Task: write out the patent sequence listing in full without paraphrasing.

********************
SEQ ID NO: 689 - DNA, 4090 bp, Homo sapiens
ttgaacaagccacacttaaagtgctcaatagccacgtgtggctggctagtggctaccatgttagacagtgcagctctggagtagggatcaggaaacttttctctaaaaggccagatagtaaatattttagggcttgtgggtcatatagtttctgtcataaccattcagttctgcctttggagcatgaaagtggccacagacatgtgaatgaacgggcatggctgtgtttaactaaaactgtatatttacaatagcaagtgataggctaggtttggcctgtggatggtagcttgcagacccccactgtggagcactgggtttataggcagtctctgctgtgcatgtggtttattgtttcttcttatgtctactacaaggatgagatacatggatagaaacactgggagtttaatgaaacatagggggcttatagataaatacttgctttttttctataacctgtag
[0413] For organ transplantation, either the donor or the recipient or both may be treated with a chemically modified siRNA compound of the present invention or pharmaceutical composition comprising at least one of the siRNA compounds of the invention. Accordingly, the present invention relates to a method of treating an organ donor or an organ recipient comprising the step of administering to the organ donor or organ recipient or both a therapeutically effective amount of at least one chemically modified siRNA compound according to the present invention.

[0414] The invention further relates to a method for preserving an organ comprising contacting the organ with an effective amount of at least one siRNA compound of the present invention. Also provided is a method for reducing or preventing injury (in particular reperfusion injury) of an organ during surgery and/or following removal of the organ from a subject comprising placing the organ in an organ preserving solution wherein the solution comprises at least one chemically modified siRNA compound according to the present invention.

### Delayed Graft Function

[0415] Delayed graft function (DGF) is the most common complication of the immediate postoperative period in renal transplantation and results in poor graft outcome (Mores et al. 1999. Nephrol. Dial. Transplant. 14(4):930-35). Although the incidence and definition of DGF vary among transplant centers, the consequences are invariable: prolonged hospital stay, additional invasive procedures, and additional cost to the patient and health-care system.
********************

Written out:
SEQ ID NO: 689 - DNA, 4090 bp, Homo sapiens
ttgaacaagccacacttaaagtgctcaatagccacgtgtggctggctagtggctaccatgttagacagtgcagctctggagtagggatcaggaaacttttctctaaaaggccagatagtaaatattttagggcttgtgggtcatatagtttctgtcataaccattcagttctgcctttggagcatgaaagtggccacagacatgtgaatgaacgggcatggctgtgtttaactaaaactgtatatttacaatagcaagtgataggctaggtttggcctgtggatggtagcttgcagacccccactgtggagcactgggtttataggcagtctctgctgtgcatgtggtttattgtttcttcttatgtctactacaaggatgagatacatggatagaaacactgggagtttaatgaaacatagggggcttatagataaatacttgctttttttctataacctgtag
[0413] For organ transplantation, either the donor or the recipient or both may be treated with a chemically modified siRNA compound of the present invention or pharmaceutical composition comprising at least one of the siRNA compounds of the invention. Accordingly, the present invention relates to a method of treating an organ donor or an organ recipient comprising the step of administering to the organ donor or organ recipient or both a therapeutically effective amount of at least one chemically modified siRNA compound according to the present invention.

[0414] The invention further relates to a method for preserving an organ comprising contacting the organ with an effective amount of at least one siRNA compound of the present invention. Also provided is a method for reducing or preventing injury (in particular reperfusion injury) of an organ during surgery and/or following removal of the organ from a subject comprising placing the organ in an organ preserving solution wherein the solution comprises at least one chemically modified siRNA compound according to the present invention.

### Delayed Graft Function

[0415] Delayed graft function (DGF) is the most common complication of the immediate postoperative period in renal transplantation and results in poor graft outcome (Mores et al. 1999. Nephrol. Dial. Transplant. 14(4):930-35). Although the incidence and definition of DGF vary among transplant centers, the consequences are invariable: prolonged hospital stay, additional invasive procedures, and additional cost to the patient and health-care system.